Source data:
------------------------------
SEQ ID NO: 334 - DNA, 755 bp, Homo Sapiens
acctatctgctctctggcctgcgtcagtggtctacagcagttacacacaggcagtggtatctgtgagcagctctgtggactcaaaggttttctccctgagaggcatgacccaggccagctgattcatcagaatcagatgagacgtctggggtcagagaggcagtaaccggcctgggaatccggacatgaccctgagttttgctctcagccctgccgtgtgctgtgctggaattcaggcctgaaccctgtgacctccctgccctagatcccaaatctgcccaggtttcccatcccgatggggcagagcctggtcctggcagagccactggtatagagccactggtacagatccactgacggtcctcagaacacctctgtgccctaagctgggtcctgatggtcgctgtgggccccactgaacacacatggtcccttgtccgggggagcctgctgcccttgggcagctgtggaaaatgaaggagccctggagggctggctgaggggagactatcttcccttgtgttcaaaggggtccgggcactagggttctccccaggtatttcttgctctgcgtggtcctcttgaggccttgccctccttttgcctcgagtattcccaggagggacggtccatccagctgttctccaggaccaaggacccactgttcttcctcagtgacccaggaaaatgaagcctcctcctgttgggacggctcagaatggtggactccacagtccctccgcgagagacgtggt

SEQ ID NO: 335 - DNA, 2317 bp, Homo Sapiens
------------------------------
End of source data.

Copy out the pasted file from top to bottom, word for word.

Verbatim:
SEQ ID NO: 334 - DNA, 755 bp, Homo Sapiens
acctatctgctctctggcctgcgtcagtggtctacagcagttacacacaggcagtggtatctgtgagcagctctgtggactcaaaggttttctccctgagaggcatgacccaggccagctgattcatcagaatcagatgagacgtctggggtcagagaggcagtaaccggcctgggaatccggacatgaccctgagttttgctctcagccctgccgtgtgctgtgctggaattcaggcctgaaccctgtgacctccctgccctagatcccaaatctgcccaggtttcccatcccgatggggcagagcctggtcctggcagagccactggtatagagccactggtacagatccactgacggtcctcagaacacctctgtgccctaagctgggtcctgatggtcgctgtgggccccactgaacacacatggtcccttgtccgggggagcctgctgcccttgggcagctgtggaaaatgaaggagccctggagggctggctgaggggagactatcttcccttgtgttcaaaggggtccgggcactagggttctccccaggtatttcttgctctgcgtggtcctcttgaggccttgccctccttttgcctcgagtattcccaggagggacggtccatccagctgttctccaggaccaaggacccactgttcttcctcagtgacccaggaaaatgaagcctcctcctgttgggacggctcagaatggtggactccacagtccctccgcgagagacgtggt

SEQ ID NO: 335 - DNA, 2317 bp, Homo Sapiens